And to Karen: Watch and figure out what the author is doing and grade him or her on how well they do it. If a book is an "easy read," it is pulp fiction.

p.s. And who do I think we have in America today writing what anyone will pay any attention to 50 years from now --- Not many. Cormac McCarthy, yes. Zadie Smith, maybe. And my divergent opinion is that Martin Cruz Smith gets better all the time.

Date Posted: 6/9/2009 8:05 PM ET
Member Since: 8/15/2007
Posts: 201
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If a book is an "easy read," it is pulp fiction.

And yet, I find truly "pulp" fiction unreadable.  I may have to give Forster another shot.  Thanks John!

(and now, off to dare my husband to try Portrait of a Lady, which I love, but which is definitely not a beach read)

Date Posted: 6/9/2009 10:34 PM ET
Member Since: 1/30/2009
Posts: 5,696
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FYI - Zadie Smith is a Brit.

Date Posted: 6/11/2009 1:45 AM ET
Member Since: 5/25/2009
Posts: 56
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If a book is an "easy read," it is pulp fiction.

At first, I almost felt compelled to disagree with John's statement.  Then I started thinking about The Wasteland and Ulysses along with Crime and Punishment and a myriad of other "greats".

Now I am thinking: Why is it that all our greatest written works are so difficult to get through? 

In some cases - such as Dostoevsky - there is an obvious language barrier.  In Russian literature, character's names always seem to have anywhere from 3 to 6 variations.  Variations that often don't seem anything like the original which makes reading a bit confusing.  However, what was in T.S. Eliot's head when he wrote The Wasteland?  Was he smoking opium like Samuel Coleridge?  He had to write so many notations to The Wasteland that it's like reading a line-by-line guide (which assumes you already have about 1000 years of literature already locked in your mind).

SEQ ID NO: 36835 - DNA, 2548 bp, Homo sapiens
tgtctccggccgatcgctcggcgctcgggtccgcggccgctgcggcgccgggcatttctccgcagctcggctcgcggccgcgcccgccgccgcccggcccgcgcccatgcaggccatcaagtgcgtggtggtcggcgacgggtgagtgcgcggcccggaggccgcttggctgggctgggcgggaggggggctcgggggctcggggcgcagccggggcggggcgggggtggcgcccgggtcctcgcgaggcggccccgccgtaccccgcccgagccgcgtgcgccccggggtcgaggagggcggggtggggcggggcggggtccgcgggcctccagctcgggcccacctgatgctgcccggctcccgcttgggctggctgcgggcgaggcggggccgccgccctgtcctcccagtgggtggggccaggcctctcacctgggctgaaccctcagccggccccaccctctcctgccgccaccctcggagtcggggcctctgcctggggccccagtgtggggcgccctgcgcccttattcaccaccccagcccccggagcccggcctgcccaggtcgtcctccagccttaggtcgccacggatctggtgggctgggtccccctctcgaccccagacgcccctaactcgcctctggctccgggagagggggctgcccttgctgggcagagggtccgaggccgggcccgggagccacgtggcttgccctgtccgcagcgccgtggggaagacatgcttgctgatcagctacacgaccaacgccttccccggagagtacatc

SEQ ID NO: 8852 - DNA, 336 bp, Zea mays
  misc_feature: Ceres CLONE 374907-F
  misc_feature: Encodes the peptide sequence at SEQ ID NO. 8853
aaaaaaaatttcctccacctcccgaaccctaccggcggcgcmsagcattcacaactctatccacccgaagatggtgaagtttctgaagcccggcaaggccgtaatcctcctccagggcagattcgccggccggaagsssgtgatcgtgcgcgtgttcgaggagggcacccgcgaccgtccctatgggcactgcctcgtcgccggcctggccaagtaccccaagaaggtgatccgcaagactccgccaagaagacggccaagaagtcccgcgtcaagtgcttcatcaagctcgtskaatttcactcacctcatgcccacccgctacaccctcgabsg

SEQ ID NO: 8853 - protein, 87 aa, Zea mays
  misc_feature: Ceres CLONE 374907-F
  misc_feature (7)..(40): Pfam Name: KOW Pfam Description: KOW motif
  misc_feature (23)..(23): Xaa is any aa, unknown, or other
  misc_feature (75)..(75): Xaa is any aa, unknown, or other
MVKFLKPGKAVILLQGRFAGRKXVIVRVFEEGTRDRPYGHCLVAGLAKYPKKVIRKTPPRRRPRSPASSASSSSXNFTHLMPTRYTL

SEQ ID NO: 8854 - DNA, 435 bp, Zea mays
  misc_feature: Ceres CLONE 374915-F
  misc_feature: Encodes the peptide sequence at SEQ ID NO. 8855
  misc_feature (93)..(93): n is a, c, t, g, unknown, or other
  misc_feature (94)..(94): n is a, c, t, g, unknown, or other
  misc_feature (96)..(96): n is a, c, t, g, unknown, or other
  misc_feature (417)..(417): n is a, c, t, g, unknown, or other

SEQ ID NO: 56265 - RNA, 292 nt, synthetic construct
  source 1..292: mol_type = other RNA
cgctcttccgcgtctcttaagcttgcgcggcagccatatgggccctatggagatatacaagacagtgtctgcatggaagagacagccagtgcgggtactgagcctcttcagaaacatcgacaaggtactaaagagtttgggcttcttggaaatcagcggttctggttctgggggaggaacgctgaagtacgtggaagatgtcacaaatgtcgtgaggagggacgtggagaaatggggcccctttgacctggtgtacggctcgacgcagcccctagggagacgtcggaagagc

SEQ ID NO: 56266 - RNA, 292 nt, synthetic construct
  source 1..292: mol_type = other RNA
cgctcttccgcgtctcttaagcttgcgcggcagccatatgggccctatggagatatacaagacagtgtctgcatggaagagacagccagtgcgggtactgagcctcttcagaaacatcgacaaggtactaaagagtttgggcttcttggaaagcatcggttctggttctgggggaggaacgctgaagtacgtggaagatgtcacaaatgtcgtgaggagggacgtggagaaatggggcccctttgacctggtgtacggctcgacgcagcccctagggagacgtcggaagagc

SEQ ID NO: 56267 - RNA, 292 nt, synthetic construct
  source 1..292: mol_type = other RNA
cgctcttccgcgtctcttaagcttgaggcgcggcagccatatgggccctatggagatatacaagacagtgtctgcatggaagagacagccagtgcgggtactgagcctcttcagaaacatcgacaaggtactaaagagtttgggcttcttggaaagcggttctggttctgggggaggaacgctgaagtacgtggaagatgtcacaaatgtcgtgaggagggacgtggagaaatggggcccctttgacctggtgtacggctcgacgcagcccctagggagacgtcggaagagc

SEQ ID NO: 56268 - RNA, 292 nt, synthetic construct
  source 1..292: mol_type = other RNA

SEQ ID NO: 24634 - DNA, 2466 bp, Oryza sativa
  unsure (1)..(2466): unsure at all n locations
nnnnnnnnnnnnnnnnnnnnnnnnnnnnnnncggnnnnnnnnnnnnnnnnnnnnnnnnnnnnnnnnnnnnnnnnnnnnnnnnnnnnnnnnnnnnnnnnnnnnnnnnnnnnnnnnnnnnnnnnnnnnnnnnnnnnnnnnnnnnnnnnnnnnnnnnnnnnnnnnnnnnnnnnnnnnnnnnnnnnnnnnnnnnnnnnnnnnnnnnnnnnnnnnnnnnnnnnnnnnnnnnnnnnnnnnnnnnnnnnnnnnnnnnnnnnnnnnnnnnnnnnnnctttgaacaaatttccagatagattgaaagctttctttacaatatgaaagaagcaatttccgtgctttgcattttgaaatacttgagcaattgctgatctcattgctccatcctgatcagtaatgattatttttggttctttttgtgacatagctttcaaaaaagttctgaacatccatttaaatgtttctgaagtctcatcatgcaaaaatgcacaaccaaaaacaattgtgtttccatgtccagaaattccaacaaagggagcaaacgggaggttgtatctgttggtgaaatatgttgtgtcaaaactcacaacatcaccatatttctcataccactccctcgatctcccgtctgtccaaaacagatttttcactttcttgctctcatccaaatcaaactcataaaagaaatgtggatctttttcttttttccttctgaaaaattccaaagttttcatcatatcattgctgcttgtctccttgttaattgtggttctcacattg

Why?  Why?  Were they horrific sadists who desired to torture English majors years later? 

Date Posted: 6/12/2009 11:57 PM ET
Member Since: 4/4/2009
Posts: 9,550
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Hey, I was one of those English majors once! Great call!  They make you read at least three by Henry James. I know of no author who places such demands on the reader and rewards them so scantly. And there is worse stuff highly ranked in their "Canon":  Tristram Shandy, Ulysses, anything and everything by Joyce except P:ortrait of the Artist as a Young Man, the great English poet Wordsworthless, I could go on for about four more lines before stopping for breath.